Monday, September 5, 2016

Preaching the Stories, the Justice and the Good News

1.    The Stories

The bible is full of the stories which were told thousands years ago and thousand and thousand of miles away from either our home land Taiwan or our current residence in the United States. They remain as stories until we view them as our stories. Those stories are our stories. Then the light shines through our hearts and minds and the impact is within us, right here and now.

When the prophet Nathan went to see King David and told him a story of a very rich man who took a poor man’s one and only loving lamb, roasted and served to his guest, David was furious over the rich guy (2 Samuel 12: 1-5).  It was, to David, just a story, one of their stories.  Until David was aware that it was exactly his own story, it did not do a thing to him. 

And then Jesus told a parable (story) that there were two men went to the Temple to pray.  One was a proud Pharisee and the other was a corrupt tax collector (Luke 18: 10-14). When both left, one was more blessed than the other.
Guess who he was. and then guess who we are.

Then that famous story begins with “A man had two sons…” (Luke 15; 11-32) One could easily identify himself as either good old home bound brother; the lost/dead and came back to life bad boy…or even as the waiting father/mother.

The identities and the possibilities of the stories are unlimited.

Just like the grace of the Lord, unlimited!

2.    The Justice

Confession 1 -- I ask more questions than providing answers.
Confession 2 -- Since I completed my formal theological training in the late 70’s I do not recall that I ever preach a sermon about the justice of God. 

The justice is there yet I could not comprehend enough to put it into my sermons.  It is still hurting when I preach the love of God to His people (us) who more often turn our back to Him.  Yet it is more than I could handle when I try to touch upon the subject of the justice of the Lord.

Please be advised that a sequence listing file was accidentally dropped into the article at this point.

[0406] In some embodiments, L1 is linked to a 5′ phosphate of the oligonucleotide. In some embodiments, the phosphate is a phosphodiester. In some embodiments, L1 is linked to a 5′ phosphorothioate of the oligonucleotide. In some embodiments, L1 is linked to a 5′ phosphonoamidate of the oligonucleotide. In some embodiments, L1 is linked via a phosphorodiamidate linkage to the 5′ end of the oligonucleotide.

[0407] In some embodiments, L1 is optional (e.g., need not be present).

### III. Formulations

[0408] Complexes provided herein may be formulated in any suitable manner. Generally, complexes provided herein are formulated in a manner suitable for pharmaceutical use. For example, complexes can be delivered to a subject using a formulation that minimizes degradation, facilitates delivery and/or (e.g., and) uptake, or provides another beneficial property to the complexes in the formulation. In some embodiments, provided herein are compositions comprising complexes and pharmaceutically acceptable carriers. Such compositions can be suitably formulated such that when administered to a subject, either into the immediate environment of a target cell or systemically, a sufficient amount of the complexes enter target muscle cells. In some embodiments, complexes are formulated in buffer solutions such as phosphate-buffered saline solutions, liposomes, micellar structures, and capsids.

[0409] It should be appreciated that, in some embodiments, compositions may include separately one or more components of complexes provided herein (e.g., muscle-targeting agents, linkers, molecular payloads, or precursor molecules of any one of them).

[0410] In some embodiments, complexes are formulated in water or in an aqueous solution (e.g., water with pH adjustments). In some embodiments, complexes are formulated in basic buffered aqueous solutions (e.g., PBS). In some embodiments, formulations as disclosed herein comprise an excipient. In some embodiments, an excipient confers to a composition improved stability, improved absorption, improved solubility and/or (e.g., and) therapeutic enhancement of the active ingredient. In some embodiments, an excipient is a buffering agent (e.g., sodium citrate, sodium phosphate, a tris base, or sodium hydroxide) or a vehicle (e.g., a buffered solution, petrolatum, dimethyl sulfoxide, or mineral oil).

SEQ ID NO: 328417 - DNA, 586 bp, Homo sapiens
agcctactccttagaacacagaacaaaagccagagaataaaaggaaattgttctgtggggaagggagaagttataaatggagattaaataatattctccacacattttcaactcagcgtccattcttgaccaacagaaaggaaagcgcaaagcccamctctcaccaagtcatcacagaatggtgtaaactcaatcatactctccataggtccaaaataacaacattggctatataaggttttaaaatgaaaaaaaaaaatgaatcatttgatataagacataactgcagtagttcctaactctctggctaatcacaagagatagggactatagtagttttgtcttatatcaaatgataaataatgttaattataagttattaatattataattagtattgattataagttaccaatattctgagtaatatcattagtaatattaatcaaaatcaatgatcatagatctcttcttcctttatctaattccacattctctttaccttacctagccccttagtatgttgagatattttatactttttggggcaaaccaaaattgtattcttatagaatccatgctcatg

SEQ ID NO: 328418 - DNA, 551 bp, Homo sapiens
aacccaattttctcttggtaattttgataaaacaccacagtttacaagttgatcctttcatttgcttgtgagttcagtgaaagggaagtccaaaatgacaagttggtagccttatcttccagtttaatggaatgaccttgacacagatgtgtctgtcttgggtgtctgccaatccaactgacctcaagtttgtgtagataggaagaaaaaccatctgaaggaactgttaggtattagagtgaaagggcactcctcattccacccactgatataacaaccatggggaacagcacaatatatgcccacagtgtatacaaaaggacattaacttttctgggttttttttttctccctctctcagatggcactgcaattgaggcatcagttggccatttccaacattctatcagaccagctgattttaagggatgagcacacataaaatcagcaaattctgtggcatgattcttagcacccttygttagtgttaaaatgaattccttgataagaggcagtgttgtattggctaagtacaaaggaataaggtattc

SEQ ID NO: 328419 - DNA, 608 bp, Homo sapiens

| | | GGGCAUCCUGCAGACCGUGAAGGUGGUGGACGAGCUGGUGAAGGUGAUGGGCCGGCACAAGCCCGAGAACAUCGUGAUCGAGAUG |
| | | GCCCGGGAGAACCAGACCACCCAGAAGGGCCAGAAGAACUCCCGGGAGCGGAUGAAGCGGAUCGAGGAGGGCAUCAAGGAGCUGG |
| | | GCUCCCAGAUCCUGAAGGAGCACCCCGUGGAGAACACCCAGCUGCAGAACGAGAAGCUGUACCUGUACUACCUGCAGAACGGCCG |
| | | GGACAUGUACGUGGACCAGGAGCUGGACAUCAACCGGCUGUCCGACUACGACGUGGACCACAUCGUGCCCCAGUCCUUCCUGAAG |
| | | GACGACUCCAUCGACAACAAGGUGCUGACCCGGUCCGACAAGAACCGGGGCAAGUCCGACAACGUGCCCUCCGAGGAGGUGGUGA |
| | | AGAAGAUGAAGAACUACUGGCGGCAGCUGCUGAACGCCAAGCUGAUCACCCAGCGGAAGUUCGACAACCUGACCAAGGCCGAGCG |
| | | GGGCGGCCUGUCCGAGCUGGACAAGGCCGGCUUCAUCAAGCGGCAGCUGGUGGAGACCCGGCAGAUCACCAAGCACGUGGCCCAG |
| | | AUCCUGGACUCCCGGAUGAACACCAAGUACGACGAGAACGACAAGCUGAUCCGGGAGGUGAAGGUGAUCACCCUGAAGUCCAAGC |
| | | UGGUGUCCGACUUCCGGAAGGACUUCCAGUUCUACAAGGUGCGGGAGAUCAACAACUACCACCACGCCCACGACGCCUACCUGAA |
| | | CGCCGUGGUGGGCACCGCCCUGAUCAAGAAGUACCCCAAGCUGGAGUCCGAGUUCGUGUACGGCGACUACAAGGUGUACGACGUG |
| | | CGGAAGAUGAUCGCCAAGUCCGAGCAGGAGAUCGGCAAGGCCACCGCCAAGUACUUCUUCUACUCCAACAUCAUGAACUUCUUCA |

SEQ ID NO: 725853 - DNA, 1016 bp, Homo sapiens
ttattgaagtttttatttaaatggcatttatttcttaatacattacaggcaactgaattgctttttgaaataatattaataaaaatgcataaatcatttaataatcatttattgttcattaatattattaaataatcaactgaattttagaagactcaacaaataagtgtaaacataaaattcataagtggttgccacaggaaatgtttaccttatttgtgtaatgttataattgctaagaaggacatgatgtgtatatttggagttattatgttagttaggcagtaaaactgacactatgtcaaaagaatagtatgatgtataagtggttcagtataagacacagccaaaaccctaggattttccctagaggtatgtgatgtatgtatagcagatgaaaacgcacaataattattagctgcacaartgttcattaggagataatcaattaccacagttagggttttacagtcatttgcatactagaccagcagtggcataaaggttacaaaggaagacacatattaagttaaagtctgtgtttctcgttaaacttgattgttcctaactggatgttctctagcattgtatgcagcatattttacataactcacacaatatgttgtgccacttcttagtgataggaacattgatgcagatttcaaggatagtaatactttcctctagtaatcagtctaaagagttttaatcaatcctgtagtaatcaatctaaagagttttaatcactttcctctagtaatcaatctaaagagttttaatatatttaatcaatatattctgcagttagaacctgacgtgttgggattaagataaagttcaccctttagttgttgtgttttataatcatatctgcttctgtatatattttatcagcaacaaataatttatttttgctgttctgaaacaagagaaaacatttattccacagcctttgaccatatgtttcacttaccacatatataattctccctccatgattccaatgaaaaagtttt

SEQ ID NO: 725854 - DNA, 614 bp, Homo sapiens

Take the following scriptures for example –

At midnight the Lord struck down all the firstborn in the land of Egypt, from the firstborn of Pharaoh who sat on his throne to the firstborn of the prisoner who was in the dungeon, and all the firstborn of the livestock. Pharaoh arose in the night, he and all his officials and all the Egyptians; and there was a loud cry in Egypt, for there was not a house without someone dead. (Exodus 12: 29-30 NRSV)

Samuel said to Saul, “The Lord sent me to anoint you king over his people Israel; now therefore listen to the words of the Lord. Thus says the Lord of hosts, ‘I will punish the Amalekites for what they did in opposing the Israelites when they came up out of Egypt. Now go and attack Amalek, and utterly destroy all that they have; do not spare them, but kill both man and woman, child and infant, ox and sheep, camel and donkey.’ ” (1 Samuel 15: 1-3 NRSV)

     Why would the first born, the women, child and infant
     (Egyptians, Amalekites or whoever) be included 
     during the “war of revenge”? 
     Was it a divine justice or the human justice?   

3.    The Good News
Last winter I got a bad cold from a red-eye flight over the US continent and lost just about all my voice a few days before my scheduled sermon at a church.  While visiting my doctor, she advised me that I should not preach that coming Sunday, “Once you open your mouth, there will be no good news but germs…”
She said seriously. I opened my mouth and closed immediately without making a single comment.

As a preacher of the Presbyterian Church I used to utilize the role of the “teaching elder” more than proclaim the good news in my sermons.  Then I remembered the TV commercial called “where is the beef?” and I remembered that the congregations tend to looking for the good news over the theological/biblical interpretation knowledge.

In the parable of weeds among the wheat (Matthew 13:24-30) Jesus used the power of the mercy over the punishment and allow weeds like us to be in His grace and survived surprisingly.   

Take a look of the entire biblical characters, do we see any pure good wheat at all?  From Adam/Eve, Abraham, Isaac, Jacob, David…all is as weed-looking as we are.  Yet God used them just like He would use us if we let Him.

The good news is in the weeds as well as in the wheat. 

We cannot exclude those who are not like us. 

And vice versa.

     “Comfort, O comfort my people, says your God.” (Isaiah 40:1)

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